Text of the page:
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The Senate resumed consideration of the bill to suppress Piracy in the West Indies—the amendment proposed by Mr. SMITH (granting aid to merchantmen to arm) being still pending. On this amendment, and various propositions to modify it, in regard to the kind and quantity of armament required, the... Continue Reading
Mr. VAN BUREN then renewed the motion he had unsuccessfully made in committee of the whole, to recommit the bill to a select committee, with instructions “to report amendments thereto, giving power to the President, on its being satisfactorily proved to him that any of the pirates, mentioned in the... Continue Reading
I beg leave to introduce to you <illegible> my Son who is greatly bound to your kindness.
Your good husband occasionally (when asked) says that you make enquires about & kind friendly messages to us; but they are <illegible> so <illegible>, & so long between, that I am inclined to think that you have forgotten us poor congressmen. So far as the lower house is... Continue Reading
The Senate resumed the consideration of the report of the Committee on the Judiciary, unfavorable to the petition of Ebenezer Oliver and others, together with the motion to strike out of the resolution accompanying, the word “not,” so as to reverse the report. The debate on this subject was resumed... Continue Reading
Mr. VAN BUREN presented the petition of Waters Smith, Marshal of East Florida, and John M. Hanson, Marshal for the Middle District of Florida, praying that an act may be passed, defining their official powers and duties. Referred.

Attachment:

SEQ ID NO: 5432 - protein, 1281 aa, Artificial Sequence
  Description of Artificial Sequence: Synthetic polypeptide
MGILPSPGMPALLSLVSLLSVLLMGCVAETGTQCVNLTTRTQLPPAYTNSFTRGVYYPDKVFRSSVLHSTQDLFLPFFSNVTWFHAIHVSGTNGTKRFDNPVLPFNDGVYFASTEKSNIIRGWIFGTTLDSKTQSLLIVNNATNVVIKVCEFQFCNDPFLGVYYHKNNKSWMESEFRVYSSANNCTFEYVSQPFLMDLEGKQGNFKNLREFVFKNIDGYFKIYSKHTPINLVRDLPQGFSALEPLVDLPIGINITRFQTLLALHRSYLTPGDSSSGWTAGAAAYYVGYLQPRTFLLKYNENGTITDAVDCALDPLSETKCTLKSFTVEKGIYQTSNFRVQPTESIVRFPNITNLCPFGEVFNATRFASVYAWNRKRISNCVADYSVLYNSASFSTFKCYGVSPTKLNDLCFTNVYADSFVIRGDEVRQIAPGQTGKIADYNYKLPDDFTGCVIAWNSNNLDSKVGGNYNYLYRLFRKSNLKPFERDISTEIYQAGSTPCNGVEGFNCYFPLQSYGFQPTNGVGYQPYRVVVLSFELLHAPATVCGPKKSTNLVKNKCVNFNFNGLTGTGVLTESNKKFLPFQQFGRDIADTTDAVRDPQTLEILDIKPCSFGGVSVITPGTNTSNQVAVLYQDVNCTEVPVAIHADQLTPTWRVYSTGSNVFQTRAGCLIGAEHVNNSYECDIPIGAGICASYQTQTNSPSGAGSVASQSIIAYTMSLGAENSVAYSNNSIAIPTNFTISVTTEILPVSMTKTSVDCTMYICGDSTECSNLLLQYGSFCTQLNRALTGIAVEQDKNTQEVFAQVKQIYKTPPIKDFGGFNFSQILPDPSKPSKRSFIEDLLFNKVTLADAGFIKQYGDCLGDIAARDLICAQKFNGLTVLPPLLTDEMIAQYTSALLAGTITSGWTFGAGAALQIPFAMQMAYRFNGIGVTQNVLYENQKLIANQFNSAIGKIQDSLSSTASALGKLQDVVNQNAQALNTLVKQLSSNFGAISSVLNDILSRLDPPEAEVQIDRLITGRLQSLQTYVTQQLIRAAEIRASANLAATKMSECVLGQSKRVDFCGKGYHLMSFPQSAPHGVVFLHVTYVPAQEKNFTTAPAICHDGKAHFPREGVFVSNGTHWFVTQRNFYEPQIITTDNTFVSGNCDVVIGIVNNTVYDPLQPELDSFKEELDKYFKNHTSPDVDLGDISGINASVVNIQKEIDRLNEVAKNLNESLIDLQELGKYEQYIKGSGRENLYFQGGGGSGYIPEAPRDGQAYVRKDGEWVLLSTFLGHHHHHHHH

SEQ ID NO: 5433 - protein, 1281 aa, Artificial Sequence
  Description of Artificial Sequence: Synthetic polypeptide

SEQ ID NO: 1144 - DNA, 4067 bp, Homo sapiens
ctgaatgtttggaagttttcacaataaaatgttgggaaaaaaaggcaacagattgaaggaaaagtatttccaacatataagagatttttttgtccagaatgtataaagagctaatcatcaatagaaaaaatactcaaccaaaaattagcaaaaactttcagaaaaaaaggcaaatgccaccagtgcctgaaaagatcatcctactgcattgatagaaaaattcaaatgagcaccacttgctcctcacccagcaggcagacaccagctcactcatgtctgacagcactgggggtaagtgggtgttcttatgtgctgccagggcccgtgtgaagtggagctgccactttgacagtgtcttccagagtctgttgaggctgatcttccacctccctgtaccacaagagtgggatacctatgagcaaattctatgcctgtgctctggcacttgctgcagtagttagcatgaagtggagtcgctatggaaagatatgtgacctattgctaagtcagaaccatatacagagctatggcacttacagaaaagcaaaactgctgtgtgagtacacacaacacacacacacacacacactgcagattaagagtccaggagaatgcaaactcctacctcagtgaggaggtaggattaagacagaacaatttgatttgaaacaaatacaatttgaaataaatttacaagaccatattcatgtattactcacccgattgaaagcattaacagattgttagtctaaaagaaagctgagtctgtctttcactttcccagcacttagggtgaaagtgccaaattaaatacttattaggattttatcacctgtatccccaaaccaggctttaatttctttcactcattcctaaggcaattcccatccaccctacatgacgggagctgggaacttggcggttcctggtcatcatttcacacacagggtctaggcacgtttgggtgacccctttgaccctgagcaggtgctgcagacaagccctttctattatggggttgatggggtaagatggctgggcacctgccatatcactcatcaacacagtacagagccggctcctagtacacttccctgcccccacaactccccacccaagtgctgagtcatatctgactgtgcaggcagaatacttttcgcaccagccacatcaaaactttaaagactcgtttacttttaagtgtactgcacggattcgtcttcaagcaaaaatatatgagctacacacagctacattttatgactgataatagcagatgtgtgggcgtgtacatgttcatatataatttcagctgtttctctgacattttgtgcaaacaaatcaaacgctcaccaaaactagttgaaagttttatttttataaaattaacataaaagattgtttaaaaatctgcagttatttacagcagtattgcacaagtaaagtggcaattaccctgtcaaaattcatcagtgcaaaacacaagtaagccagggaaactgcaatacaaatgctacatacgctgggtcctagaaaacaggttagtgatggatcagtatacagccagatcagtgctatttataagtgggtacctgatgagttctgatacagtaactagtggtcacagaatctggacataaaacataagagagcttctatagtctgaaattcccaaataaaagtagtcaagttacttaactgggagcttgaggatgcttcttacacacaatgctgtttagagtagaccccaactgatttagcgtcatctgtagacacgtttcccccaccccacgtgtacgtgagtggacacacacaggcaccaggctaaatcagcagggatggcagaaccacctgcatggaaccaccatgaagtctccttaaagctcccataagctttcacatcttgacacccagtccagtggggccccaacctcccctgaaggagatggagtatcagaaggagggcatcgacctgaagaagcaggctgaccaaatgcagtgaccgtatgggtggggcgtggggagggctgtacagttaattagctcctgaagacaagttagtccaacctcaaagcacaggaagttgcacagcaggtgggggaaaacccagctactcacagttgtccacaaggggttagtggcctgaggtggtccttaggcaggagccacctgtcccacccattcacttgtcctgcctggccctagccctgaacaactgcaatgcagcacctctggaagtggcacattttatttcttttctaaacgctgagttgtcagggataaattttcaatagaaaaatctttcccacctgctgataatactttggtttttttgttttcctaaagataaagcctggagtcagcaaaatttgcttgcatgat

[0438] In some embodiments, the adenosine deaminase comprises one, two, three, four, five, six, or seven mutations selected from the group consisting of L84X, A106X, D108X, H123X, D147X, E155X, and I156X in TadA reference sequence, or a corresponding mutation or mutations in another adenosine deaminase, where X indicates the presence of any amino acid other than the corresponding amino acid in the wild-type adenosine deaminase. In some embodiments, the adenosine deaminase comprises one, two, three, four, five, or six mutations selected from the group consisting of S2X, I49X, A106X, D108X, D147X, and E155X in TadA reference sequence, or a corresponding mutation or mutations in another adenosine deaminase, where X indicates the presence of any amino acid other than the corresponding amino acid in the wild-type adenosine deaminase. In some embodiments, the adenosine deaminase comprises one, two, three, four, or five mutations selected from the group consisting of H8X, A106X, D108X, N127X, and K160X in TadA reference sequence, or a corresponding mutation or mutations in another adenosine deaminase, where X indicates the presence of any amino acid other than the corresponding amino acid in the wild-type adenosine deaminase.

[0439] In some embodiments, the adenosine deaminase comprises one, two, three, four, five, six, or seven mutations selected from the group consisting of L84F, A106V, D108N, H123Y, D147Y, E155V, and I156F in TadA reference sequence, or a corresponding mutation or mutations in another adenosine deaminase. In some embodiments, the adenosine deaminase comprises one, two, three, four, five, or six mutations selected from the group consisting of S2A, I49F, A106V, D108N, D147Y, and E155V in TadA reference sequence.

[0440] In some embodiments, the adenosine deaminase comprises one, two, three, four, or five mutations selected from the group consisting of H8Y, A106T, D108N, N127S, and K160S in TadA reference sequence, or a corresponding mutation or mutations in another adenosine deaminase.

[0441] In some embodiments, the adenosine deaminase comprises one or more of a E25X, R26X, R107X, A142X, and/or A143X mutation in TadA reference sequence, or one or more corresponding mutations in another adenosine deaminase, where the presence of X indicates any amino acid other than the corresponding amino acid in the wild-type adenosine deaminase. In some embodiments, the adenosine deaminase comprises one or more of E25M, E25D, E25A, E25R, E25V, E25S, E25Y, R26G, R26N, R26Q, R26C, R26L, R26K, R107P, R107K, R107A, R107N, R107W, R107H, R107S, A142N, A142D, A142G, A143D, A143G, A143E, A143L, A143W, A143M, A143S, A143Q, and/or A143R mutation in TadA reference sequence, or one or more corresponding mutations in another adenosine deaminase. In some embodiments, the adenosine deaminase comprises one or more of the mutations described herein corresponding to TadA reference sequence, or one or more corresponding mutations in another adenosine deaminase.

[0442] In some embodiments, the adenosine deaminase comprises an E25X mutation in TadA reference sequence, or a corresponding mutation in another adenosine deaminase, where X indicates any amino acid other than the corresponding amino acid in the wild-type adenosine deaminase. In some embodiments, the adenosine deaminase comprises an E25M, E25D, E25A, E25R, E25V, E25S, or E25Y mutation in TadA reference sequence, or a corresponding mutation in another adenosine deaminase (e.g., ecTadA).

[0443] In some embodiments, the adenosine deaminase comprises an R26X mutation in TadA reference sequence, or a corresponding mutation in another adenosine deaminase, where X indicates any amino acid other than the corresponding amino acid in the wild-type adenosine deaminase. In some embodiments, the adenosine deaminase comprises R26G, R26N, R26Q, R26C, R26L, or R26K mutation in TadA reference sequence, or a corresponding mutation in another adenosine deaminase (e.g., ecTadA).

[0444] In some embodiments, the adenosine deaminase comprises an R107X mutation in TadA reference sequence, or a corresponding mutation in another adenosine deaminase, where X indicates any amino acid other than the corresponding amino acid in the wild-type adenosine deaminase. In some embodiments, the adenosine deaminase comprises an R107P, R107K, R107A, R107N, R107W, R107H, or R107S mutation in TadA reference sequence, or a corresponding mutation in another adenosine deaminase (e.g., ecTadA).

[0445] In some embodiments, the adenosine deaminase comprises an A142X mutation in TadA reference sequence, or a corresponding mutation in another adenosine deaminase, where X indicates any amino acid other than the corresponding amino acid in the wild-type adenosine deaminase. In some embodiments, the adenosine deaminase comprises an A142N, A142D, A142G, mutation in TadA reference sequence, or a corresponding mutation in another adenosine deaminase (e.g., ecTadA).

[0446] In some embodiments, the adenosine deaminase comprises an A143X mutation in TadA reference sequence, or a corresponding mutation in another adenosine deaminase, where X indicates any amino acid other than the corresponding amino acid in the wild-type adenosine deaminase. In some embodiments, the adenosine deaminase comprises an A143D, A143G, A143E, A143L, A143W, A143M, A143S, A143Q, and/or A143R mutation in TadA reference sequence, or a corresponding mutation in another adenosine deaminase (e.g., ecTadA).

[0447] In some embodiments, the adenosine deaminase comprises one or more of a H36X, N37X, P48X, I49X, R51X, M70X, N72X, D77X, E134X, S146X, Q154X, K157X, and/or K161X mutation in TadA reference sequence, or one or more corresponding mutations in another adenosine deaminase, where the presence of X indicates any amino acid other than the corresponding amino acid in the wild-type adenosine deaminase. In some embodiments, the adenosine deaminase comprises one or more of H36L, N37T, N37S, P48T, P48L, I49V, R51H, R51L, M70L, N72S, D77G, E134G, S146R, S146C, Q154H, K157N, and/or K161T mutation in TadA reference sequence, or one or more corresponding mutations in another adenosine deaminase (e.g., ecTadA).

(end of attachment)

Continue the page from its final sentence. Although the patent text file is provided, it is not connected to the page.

Mr. EATON then moved to add the following as an amendment: “If any objection shall arise to the vote or votes of any state, it shall be filed in writing and entered on the Journals of the Senate and House of Representatives; but the two Houses shall not separate until the entire votes are counted... Continue Reading
Mr. VAN BUREN agreed that something ought to be done, and they must adopt one of two courses; either the present system, as a system, should be retained, and be extended to these states, by appointing additional judges; or, that the system should be changed. He urged the necessity of carefully... Continue Reading
Mr. VAN BUREN, from the Committee on the Judiciary, pursuant to instructions of the 8th inst. reported a bill for the relief of Ebenezer Oliver and others, which was read, and passed to a second reading.
Mr. VAN BUREN, of New York, said, that the question immediately before the Senate, was a motion to postpone indefinitely, made on the single ground of want of time to do justice to so important a subject. The wide range of debate which this question had produced, would be more properly considered... Continue Reading